Ruaha is rich with plants and animals including the Greater Kudu (not found in any other national park within Tanzania) and the park boasts a pristine and unexplored ecosystem, making safaris even more exhilarating.

Its Great Ruaha River (as well as the Mwagusi, Jongomero and Mzombe river) sustains wildlife around the year, especially during the dry season, when animals travel far distances to its banks in addition to a few natural springs. In the peak of the dry season, elephants obtain water from the dry sand river canals using their tusks and trunks and the waterfalls along the Great Ruaha River are an all important habitat for hippopotamus, fish and crocodiles.

The short rainfall season is from November to February, whilst the long season is between March and April. And the dry season is between June and October.

The park history dates back to 1910 and in 1974 a small section of South Eastern part of the Great Ruaha River was incorporated into the park. The name “Ruaha” originates from the Hehe tribe word “Ruvaha” meaning “river”. Ruaha National Park is part of the Rungwa-Kizigo -Muhesi ecosystem, which covers more than 45000km2. In 2008 the Usangu Game Reserve and other important wetlands in Usangu basin have been annexed into the park, making it the largest park in Tanzania and East Africa .

Ruaha National Park has a high diversity of plants and animals including elephants, buffalos, antelopes and other plains game, in addition to the rare and endangered wild dog. The park serves as water shade both for wildlife and human beings, making it economically significant as it supports agricultural activities down stream and contributes to hydro- electric power (HEP) for the country up at the Mtera and Kidatu dams.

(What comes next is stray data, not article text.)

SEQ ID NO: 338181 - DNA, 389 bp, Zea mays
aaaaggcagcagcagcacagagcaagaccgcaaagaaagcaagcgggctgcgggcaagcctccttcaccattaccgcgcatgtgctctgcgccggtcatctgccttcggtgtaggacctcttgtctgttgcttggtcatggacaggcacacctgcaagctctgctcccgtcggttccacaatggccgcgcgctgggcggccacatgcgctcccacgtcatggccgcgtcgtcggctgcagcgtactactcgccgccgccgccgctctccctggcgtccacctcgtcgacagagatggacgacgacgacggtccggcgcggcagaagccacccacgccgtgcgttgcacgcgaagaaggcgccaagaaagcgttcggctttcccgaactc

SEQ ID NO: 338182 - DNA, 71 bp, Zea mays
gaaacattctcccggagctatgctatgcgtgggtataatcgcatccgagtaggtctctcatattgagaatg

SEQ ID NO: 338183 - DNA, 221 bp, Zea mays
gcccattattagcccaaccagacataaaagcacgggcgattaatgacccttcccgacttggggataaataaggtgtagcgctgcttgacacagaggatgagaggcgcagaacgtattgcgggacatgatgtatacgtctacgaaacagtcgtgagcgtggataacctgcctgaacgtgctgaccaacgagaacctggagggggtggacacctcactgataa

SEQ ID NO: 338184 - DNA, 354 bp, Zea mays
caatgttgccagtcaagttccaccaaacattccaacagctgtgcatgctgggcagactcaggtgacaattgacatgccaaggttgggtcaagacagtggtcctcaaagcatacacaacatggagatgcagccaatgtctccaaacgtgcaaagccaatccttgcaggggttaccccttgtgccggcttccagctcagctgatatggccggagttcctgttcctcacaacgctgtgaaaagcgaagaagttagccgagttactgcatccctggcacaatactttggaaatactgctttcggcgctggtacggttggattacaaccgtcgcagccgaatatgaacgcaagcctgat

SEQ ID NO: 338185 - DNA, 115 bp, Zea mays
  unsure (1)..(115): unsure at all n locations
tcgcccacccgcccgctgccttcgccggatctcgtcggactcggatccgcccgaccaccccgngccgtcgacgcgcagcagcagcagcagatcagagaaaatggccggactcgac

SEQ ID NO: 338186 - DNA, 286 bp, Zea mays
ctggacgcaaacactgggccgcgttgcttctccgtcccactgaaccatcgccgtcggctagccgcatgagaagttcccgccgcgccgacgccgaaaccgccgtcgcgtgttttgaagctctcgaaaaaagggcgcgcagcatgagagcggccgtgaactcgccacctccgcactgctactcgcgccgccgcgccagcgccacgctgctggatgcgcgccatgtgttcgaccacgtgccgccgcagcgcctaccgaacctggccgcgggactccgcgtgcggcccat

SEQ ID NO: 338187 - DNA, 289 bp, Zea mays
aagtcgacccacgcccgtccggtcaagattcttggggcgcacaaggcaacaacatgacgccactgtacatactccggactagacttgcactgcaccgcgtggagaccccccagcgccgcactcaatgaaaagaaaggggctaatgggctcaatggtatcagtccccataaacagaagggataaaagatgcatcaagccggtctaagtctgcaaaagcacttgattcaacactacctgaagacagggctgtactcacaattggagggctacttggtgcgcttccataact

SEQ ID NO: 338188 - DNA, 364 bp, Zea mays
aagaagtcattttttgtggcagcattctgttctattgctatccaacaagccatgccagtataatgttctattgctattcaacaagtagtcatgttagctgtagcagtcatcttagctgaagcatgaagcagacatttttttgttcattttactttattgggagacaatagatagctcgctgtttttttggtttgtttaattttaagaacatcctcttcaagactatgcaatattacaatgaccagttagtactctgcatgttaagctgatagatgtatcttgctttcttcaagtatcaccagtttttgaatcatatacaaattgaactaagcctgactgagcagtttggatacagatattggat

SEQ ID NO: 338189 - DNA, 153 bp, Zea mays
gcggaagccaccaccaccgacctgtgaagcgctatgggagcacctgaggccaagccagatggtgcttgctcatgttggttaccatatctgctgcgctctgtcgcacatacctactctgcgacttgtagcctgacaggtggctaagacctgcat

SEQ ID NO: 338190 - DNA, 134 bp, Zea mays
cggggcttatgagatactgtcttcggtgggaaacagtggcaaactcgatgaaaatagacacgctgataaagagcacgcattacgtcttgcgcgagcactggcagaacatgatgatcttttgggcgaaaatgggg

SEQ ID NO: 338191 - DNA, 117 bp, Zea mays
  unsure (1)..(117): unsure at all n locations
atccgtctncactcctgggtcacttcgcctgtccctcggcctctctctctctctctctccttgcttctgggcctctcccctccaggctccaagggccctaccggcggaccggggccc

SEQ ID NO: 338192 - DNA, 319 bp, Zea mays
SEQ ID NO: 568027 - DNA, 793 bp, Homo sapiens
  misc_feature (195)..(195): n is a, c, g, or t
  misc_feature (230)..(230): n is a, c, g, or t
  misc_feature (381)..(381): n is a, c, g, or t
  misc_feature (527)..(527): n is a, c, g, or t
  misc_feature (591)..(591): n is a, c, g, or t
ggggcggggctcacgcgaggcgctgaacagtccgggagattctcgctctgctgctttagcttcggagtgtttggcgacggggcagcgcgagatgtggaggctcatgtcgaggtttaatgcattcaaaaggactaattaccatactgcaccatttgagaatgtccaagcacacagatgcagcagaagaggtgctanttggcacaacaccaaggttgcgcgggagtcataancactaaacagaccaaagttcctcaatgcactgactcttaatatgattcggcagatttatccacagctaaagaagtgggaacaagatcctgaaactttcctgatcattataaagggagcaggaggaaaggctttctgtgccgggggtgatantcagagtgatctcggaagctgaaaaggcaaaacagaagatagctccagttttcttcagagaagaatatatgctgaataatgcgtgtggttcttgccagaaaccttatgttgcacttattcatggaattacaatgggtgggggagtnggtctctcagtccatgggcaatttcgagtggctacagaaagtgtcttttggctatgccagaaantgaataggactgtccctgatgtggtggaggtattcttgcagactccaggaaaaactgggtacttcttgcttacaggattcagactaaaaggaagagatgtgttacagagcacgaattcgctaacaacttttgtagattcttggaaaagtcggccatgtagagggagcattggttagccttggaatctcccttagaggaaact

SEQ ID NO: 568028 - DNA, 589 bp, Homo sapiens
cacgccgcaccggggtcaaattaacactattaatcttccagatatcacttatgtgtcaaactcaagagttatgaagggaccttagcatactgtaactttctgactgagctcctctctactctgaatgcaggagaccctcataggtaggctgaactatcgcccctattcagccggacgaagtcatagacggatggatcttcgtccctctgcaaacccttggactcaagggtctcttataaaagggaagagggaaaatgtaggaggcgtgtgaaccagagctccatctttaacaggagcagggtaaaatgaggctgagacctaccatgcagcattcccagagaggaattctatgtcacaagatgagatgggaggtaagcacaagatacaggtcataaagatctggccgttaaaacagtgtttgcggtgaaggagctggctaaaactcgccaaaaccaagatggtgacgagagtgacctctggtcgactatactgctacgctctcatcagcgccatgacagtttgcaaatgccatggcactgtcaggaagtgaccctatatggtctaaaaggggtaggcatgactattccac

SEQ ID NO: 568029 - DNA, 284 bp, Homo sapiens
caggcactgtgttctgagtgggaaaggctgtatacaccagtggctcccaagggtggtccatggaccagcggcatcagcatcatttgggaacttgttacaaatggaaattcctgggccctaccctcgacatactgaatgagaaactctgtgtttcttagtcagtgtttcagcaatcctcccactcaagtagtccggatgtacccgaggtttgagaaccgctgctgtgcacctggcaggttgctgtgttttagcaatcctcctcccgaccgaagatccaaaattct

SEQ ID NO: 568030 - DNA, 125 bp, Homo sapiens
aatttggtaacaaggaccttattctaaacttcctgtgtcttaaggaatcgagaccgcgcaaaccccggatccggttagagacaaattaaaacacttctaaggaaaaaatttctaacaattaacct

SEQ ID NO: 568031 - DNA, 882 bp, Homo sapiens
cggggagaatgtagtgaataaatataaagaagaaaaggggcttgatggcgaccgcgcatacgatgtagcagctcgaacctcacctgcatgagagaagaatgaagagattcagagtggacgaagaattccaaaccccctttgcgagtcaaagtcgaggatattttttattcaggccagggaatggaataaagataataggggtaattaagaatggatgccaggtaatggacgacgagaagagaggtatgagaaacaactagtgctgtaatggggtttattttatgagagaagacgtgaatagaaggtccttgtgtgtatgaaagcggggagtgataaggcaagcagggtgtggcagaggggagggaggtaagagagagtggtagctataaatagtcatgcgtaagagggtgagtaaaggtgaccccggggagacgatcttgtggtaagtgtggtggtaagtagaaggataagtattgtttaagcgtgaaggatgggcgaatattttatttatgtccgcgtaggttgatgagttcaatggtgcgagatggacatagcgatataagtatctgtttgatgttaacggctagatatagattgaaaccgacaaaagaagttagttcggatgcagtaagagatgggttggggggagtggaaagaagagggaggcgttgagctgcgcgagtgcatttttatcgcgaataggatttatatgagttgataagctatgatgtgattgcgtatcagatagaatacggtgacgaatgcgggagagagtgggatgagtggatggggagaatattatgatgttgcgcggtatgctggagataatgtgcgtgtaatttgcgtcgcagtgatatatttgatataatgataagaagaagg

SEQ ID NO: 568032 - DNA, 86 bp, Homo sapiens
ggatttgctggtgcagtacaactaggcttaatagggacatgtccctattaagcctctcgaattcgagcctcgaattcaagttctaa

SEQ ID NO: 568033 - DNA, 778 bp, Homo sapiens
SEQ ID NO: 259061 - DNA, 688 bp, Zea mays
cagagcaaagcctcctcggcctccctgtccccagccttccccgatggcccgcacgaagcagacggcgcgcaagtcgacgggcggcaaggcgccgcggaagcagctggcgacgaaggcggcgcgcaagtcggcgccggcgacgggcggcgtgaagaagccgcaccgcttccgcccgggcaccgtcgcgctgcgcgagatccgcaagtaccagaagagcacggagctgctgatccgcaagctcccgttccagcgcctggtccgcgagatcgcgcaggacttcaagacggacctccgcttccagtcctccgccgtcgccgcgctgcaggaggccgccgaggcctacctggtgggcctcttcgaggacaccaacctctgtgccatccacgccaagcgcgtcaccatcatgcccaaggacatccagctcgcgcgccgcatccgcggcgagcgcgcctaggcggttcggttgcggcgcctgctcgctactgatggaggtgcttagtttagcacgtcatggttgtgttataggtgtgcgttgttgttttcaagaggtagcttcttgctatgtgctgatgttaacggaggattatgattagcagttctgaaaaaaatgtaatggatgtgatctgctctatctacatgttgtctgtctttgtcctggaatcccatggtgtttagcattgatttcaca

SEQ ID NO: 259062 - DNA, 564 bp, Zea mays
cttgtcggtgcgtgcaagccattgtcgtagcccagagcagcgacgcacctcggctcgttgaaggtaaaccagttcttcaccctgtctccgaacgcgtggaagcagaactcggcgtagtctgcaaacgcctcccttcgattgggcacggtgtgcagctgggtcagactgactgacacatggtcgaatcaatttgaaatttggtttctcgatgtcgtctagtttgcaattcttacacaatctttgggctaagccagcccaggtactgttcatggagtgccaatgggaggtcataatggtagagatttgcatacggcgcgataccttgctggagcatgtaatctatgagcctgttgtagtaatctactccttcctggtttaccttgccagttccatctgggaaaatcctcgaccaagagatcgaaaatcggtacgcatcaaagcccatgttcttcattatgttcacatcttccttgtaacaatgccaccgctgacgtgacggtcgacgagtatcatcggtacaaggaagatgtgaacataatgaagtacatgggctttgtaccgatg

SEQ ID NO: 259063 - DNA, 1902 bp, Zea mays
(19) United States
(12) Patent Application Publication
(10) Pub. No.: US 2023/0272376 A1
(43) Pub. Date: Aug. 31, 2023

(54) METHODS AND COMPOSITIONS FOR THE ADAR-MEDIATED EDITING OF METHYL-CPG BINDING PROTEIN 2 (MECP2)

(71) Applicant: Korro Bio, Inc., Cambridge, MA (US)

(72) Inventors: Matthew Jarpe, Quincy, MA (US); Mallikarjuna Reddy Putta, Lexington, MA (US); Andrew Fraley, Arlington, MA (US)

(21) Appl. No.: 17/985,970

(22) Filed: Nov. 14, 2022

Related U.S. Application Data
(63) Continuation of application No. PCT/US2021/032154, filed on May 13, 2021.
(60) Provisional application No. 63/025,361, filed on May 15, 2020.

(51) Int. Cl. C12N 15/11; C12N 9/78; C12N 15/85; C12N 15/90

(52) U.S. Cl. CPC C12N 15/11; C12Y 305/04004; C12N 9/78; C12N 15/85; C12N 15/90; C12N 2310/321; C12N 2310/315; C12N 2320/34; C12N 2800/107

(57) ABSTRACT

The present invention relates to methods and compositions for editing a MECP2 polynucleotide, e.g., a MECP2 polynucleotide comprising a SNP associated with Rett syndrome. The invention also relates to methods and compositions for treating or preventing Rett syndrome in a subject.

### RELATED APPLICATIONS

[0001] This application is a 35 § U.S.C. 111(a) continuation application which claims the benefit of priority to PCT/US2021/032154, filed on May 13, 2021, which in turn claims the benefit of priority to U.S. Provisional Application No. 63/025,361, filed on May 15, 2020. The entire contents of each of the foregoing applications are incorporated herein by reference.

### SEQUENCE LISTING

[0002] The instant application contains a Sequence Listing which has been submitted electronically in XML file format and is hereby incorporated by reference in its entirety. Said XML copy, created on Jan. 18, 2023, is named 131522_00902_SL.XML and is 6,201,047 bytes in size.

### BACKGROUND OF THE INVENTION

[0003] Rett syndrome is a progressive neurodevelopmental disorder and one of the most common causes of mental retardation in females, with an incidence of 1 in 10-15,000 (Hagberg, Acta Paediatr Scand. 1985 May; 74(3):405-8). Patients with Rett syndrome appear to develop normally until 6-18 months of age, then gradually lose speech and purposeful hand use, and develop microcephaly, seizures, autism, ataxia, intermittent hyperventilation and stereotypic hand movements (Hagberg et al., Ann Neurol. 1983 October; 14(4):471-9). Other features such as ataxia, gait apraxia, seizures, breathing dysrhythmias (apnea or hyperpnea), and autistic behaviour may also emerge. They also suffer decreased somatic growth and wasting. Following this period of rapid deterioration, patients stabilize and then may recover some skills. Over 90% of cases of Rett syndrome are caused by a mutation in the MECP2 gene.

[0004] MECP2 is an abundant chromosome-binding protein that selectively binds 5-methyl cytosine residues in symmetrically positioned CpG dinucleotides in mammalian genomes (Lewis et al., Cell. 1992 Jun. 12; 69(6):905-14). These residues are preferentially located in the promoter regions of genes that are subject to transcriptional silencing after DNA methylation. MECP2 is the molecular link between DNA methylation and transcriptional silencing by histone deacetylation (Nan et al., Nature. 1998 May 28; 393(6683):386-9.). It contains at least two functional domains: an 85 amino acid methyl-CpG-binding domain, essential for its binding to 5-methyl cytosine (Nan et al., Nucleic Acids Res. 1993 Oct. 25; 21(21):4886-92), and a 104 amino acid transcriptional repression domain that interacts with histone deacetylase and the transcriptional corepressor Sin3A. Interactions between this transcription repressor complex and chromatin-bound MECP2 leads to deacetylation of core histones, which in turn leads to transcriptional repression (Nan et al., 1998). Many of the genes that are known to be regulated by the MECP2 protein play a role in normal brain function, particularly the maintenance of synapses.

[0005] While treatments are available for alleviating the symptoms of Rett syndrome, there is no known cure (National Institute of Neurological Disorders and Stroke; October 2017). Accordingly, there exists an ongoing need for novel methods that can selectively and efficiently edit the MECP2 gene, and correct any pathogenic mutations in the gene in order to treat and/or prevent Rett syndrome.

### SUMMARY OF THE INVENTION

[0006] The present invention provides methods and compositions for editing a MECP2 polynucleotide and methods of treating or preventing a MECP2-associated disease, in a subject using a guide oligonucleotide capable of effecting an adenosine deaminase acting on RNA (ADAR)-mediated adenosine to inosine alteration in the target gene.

The park boasts more than 571 species of birds; some of which are migrants from within and outside Africa. The recently annexed wetland of the Usangu basin is one of the country’s important bird areas (IBA) is recognized by Birdlife International. Though birds can be seen all the year around, the best time for bird watching is during the wet season.

Ruaha is believed to have one of the highest concentrations of elephants in any national park in East Africa. It is also a place where magnificent mammals, such as Kudu (both Greater and Lesser), Sable and Roan antelopes can easily be spotted in the Miombo woodland. Other animals in the park include lions, leopards, cheetah, giraffes, zebras, elands, impala, bat eared foxes and jackals. The Great Ruaha and Mzombe rivers are the most preferred habitat for crocodiles.

Ruaha has a wide range of physical features from the Great Rift Valley, extensive river systems, natural springs, wetlands, hot water springs, kopjes, rolling hills and mountains.

Best time to see predators and large mammals is during the dry season (mid May-December) when the grass is shorter, but be sure to go with one of our recommended guides. Lion’s fur is easily camouflaged in dry grass, which is a similar shade!

The wet season (January –April) is best for bird watching, lush scenery and wildflowers. The male Greater kudu is most visible in June, which is their breeding season.

About Ruaha National Park

Ruaha is part of the Rungwa-Kizigo –Muhesi ecosystem, which covers more than 45000km2. In 2008 the Usangu Game Reserve and other important wetlands in Usangu basin were annexed into the park, making it the largest park in Tanzania and East Africa with an area of about 20226km2.

How to get there

There are both scheduled and chartered flights into the park mainly from Arusha, Dodoma, Kigoma and Dar-es-salaam. The park’s airstrips are located at Msembe and Jongomero.